8. Don't discount yourself or people's abilities: We were created to be creative. Creativity is in everyone - just in different ways.
It has been a great three days of teaching, preaching, and the arts. Now to head home and rest.

Story09: Day 1

My thoughts on Day 1 of the Story Conference in Aurora, IL will look vastly different than those from Cultivate the other day.

The main difference is that Story was for me experiential more so than instructive.

From the arts to the media to sessions filled with passion and encouragement - I was only able to sit and soak it all in.

From the antics of Ed Young to the pure transparency of Donald Miller I simply sat in awe and wonder.

Such diverse backgrounds with unique stories, ministries and passions.

I loved every minute of it. And I'm tired. But there is one more day to go.

27 October 2009


I have so many things going on right now I can't see straight. I guess that just means I need to pull back for a few days and regenerate.

And there's no better way than going on a road trip with the Communications team.

First stop: Cultivate09

Here are my notes, chicken scratches and takeaways from the day. Overall a great conference. Met some new people and definitely left with stuff to chew on.

Phil Cooke
Creating compelling content in a media-driven world

2 Things are happening:

  1. Our content has become shorter
  2. We spend more time communicating + less time creating each message = Time Suck
Four questions to ponder:
  1. What are you really trying to do? "Remove obstacles/barriers (smooth the path) for people taking their next steps on the web.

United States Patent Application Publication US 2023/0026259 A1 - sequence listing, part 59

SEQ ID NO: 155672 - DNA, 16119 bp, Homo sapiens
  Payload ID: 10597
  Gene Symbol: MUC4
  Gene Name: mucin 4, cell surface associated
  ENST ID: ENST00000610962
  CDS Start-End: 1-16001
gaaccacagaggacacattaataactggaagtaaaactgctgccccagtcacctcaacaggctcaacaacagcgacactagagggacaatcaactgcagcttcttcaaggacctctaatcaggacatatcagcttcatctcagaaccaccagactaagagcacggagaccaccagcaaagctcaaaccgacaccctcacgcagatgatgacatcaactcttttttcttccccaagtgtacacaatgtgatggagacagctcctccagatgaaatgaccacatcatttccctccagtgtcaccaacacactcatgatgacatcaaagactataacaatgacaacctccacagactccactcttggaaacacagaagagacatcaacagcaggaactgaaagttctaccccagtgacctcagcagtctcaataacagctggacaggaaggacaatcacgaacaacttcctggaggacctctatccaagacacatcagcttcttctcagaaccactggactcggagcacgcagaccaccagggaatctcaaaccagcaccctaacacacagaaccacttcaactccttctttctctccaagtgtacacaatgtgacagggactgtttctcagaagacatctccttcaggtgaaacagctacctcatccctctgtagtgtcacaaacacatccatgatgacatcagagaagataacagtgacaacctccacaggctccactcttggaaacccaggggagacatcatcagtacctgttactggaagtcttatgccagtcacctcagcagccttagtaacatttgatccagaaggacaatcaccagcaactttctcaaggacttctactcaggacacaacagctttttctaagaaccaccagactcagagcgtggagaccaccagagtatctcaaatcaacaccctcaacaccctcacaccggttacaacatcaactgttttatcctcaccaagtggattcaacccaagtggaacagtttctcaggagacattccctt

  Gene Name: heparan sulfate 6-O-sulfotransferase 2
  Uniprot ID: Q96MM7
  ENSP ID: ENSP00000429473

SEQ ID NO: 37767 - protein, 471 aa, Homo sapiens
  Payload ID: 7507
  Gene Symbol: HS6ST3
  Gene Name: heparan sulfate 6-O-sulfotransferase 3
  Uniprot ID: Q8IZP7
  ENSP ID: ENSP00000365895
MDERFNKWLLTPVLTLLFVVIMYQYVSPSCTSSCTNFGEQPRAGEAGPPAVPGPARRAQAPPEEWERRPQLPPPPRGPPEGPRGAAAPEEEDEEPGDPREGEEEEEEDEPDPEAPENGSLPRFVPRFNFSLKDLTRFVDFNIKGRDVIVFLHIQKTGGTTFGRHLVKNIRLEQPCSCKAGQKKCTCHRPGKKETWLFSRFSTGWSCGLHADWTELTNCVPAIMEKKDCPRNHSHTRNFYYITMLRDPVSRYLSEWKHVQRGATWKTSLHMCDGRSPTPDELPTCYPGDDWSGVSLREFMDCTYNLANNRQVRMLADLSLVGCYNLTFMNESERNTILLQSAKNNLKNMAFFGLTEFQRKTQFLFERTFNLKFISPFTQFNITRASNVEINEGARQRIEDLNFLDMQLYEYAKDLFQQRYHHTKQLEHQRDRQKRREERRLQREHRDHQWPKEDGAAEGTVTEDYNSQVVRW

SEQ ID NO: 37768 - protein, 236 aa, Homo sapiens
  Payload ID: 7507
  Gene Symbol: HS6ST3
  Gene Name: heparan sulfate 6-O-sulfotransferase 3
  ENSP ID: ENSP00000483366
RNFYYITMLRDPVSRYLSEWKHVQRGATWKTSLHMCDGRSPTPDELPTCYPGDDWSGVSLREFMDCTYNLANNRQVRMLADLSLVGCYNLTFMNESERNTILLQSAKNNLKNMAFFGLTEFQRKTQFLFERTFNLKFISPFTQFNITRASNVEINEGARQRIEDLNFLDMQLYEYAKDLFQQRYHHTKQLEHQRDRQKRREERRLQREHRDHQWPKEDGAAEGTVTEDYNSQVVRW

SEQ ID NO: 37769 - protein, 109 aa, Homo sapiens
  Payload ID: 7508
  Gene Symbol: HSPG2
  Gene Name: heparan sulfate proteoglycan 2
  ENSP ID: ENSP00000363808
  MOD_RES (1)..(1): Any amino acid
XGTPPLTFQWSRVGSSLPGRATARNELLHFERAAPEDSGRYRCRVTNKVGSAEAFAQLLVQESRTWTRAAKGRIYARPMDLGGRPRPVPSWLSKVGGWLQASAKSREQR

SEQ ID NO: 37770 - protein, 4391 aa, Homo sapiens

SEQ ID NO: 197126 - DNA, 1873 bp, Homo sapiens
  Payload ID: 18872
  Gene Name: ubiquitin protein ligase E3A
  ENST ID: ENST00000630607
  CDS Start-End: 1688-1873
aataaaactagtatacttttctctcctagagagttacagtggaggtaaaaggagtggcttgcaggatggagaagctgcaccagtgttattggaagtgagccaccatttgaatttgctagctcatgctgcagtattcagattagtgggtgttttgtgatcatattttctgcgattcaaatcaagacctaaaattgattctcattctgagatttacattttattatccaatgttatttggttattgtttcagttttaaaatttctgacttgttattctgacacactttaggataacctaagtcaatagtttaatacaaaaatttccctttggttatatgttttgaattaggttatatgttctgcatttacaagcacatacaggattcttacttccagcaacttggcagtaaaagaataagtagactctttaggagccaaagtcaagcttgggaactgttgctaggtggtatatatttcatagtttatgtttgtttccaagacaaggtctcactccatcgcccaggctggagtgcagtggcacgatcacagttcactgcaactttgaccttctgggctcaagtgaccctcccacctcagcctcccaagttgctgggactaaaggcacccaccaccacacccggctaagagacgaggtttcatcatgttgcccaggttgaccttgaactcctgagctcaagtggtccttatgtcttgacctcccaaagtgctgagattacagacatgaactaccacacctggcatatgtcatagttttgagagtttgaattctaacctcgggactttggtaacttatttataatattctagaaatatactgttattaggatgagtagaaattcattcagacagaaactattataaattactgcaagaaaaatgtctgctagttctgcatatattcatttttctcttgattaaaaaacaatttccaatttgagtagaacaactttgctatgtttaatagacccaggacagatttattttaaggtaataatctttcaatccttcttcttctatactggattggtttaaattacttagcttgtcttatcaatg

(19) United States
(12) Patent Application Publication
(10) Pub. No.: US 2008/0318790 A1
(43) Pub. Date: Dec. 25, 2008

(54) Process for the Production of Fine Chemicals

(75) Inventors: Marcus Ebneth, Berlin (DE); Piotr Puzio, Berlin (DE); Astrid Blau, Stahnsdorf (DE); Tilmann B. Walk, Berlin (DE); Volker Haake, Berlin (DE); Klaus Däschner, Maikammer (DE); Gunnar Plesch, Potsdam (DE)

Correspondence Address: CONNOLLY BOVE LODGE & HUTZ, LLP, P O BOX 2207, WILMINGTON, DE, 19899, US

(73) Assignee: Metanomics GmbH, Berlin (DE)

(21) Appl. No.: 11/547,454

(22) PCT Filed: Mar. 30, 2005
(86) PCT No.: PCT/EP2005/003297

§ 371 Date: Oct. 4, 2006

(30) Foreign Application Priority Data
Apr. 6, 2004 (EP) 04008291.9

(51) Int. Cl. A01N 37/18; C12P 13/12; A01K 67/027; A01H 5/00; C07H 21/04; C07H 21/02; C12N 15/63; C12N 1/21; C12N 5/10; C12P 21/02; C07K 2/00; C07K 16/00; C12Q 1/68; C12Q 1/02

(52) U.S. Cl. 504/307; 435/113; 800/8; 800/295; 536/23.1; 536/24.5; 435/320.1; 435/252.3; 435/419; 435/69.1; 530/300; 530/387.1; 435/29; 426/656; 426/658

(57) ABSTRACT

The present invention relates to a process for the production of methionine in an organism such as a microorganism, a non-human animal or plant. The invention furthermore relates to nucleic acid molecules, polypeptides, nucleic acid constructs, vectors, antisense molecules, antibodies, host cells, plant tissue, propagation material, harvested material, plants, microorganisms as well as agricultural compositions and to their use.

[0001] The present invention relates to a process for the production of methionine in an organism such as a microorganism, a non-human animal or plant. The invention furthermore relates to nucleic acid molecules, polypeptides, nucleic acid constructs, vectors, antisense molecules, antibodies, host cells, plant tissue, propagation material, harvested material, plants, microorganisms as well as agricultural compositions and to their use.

2. How do you deal with ambiguity? NOT providing the perfect answer to difficult questions when there really is NO perfect answer.
  3. Are you asking the right questions? Jesus is God - but so what? How does that impact my life?
  4. Stop focusing on: How much will it cost? And: When will it be ready?

Developing a web strategy
Drew Goodmanson (cobblestone software) & Gabe Taviano (Digital Disciples)

SEO (importance of - added numerous visitors/members the weeks following the optimization)

Online evangelism as a strategy is 1% or less successful. + side is that church members forming relationships in the community use the website as a connection point to get people into church.

Theological issues exist in the understanding of online church and if it's even possible for people to connect that way.

Must be PASSIONATE and PROFESSIONAL in order to be successful online.

Use of website for visitors: Visitors can send message online letting people know they are coming to church so you can meet them and welcome them at the kiosk.

Tony Steward ( Digerati) & Rhett Smith (counselor)

How does your pastoral responsibilities translate to the web?

How much are you responsible for? Do you have to answer every inquiry? Do you have to provide all services to all people?

So many books out there to grow social media - but are there resources to shrink and better manage your use of social media?

"Batch" your online usage. Check email/Twitter every hour or so rather than the minute it comes in.